Merino breeders and wool growers flock to double their genetic gain

Sheep Central, September 28, 2018

MerinoLink’s Sally Martin – strong grass-roots support from DNA Stimulation Project.

MERINOLINK breeders and commercial Merino producers looking for the ‘best bang for their buck’ have flocked to a $3 million project designed to double their flock’s rate of genetic gain by 2022.

MerinoLink chief executive officer and project manager Sally Martin has been overwhelmed by the enthusiasm of participants in the DNA Stimulation Project.

She believed one tangible outcome of the project would be a process that breeders and producers could follow to achieve genetic gain.

Sally said there are a number of different genetic and genomic tools available; however, their use can be ad hoc.

“We want to help producers strategically and cost-effectively use these tools so they get the best bang for their buck.

“I don’t think that is totally clear, so what we are trying to do when we are working with people is help them go through that process,” Sally said.

The project aimed to double the rate of genetic gain among participating flocks within five years by providing breeding program support and expertise. It is a collaboration between the not-for-profit research group MerinoLink, University of New England, stud and commercial Merino breeders and the MLA Donor Company (MDC).

MerinoLink brings together ram breeders, commercial producers and service providers from Western Australia, South Australia, Victoria, New South Wales, Queensland and Tasmania.

The DNA Stimulation project currently involved 27 ram breeders, 14 commercial producers breeding their own rams and up to 200 commercial producers purchasing rams.

“I think we are getting to the limit; we are not looking for a lot more,” Sally said.

Within four days, the combined MDC and MerinoLink member project commitment, made up of DNA, parent and genomic and flock profiling testing, and project management and breeding program design services, has raised the value of the project to almost $3 million.

“I have to say the support I’ve had from Meat & Livestock Australia has been outstanding, which tells me they’re very serious about having an impact on the industry and are keen to work with us at all levels to achieve this,” Sally said.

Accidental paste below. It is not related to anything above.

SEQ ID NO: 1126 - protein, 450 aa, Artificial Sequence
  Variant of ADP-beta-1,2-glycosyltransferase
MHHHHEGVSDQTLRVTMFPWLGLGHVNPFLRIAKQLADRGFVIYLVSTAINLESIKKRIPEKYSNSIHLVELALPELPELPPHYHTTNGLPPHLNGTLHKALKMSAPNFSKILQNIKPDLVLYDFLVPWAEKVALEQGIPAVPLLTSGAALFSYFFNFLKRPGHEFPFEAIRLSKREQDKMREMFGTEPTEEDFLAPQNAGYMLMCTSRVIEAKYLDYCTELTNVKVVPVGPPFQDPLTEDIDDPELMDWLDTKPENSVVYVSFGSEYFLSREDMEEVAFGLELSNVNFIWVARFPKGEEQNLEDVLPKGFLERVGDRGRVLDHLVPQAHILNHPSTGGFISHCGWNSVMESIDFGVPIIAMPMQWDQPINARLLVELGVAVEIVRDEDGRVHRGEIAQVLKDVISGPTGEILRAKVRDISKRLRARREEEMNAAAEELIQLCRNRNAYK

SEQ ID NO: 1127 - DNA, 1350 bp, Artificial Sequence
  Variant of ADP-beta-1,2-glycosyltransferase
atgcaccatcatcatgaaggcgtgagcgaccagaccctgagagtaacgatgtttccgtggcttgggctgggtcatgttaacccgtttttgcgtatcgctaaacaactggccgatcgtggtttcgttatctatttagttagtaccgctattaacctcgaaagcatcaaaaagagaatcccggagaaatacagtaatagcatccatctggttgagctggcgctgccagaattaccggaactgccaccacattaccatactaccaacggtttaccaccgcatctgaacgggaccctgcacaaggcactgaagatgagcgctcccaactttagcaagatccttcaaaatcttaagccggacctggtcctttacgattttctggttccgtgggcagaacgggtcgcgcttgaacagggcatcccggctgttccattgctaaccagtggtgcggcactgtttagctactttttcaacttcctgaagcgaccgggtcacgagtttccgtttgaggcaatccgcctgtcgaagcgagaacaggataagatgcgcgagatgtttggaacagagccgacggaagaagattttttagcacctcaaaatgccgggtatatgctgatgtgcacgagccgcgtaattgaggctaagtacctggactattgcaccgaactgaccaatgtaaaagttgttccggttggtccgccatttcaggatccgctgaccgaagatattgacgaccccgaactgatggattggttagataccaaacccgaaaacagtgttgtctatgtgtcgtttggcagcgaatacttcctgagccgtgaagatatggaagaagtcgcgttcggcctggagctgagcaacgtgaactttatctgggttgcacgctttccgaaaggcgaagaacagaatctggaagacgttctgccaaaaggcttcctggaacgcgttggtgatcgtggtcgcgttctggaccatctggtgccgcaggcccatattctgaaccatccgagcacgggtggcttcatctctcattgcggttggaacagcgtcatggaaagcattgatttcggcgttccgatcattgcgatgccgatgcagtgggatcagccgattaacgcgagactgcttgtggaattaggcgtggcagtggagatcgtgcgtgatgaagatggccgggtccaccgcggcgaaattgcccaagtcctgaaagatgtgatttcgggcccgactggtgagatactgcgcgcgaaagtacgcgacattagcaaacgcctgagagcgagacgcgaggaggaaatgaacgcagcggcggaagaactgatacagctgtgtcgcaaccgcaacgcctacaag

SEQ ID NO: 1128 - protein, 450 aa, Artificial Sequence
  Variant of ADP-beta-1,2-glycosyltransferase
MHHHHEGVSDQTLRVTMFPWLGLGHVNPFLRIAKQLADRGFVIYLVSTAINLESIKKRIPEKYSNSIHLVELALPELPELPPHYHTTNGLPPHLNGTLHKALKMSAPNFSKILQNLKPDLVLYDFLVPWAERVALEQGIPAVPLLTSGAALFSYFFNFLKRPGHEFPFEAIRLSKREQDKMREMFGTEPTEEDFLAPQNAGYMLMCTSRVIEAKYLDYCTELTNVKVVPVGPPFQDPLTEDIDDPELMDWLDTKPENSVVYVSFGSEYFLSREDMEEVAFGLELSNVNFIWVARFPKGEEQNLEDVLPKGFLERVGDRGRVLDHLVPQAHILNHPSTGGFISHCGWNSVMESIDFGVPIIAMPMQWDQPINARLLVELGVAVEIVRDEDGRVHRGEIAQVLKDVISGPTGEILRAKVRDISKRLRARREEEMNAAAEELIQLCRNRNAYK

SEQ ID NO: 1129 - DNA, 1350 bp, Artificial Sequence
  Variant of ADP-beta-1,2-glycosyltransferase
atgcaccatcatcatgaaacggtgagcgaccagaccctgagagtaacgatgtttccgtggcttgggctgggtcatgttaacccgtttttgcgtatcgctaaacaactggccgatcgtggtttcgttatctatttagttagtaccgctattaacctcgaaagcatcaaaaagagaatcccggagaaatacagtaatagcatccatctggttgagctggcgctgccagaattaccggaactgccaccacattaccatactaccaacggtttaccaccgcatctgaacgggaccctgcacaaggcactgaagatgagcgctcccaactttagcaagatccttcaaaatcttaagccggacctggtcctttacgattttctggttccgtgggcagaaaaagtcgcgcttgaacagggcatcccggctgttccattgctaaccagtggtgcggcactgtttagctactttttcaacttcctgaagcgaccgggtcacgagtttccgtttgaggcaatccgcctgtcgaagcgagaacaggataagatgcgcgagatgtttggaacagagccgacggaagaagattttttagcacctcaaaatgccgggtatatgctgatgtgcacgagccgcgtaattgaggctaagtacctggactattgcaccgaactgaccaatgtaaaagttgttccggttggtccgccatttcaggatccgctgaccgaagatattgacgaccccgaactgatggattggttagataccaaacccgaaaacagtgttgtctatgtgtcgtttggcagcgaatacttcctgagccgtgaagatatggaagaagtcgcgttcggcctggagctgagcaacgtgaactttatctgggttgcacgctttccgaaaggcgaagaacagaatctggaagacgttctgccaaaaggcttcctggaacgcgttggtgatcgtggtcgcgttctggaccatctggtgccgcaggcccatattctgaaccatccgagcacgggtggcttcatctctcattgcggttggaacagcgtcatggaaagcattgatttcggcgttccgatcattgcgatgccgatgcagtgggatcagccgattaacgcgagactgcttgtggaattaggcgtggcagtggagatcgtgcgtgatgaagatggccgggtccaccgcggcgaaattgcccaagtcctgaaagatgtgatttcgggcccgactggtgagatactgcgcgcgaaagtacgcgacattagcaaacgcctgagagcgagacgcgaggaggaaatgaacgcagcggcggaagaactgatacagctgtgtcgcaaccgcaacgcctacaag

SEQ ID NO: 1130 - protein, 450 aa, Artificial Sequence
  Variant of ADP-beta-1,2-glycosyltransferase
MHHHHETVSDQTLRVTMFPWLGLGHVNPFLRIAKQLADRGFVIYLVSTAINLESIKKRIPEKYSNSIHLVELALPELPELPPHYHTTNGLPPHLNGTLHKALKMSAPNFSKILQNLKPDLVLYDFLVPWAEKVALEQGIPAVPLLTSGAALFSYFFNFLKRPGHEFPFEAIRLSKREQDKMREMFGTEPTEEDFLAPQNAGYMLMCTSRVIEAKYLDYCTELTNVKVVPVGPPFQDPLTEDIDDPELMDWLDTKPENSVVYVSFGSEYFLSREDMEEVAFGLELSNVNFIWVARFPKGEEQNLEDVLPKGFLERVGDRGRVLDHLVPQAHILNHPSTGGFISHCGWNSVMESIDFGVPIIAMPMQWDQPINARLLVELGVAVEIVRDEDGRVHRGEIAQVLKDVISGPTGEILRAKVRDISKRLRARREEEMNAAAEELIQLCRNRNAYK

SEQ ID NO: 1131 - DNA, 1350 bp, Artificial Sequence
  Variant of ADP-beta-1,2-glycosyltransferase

Sally said the current rate of genetic gain of participant’s flocks varied, but each participant’s progress is being checked against benchmark.

“At the moment we are on track.”

Sally said the project grew out of discussions following a Sheep CRC meeting in March 2017.

“The MDC’s Producer Innovation Fast-track program was mentioned as a way industry might access funding to accelerate adoption of innovation and ‘fast-track’ our genetic progress, in line with the National Livestock Genetics Consortium’s strategic direction.

“After the initial discussions, I emailed all the MerinoLink stud and commercial members, as well as my clients, and asked if anyone would be interested in doing more DNA parentage testing at a reduced price.”

Collaboration at the grass-roots level

Sally said the collaborative and grass-roots nature of the project was one of its biggest strengths.

“The project is driven by producers and service providers.

“We have great support from MLA, Sheep Genetics and UNE scientists, and we’re working with young people in the service provider space to ensure we have the capacity to support these systems in the long-term.”

Project participant Malcolm Peake from Bogo Merinos at ‘Cavan Station’, Yass, said the team approach had multiple benefits.

“As well as learning from the other breeders’ experiences, we have the direct support of Sheep Genetics and the other service providers,” Malcolm said.

“The reduced cost of testing also means ram breeders can get their whole flocks tested and full pedigreed, which will put everyone on a level playing field in terms of the strength of their data and quality of their breeding values.”

Sources: MLA, MerinoLink.


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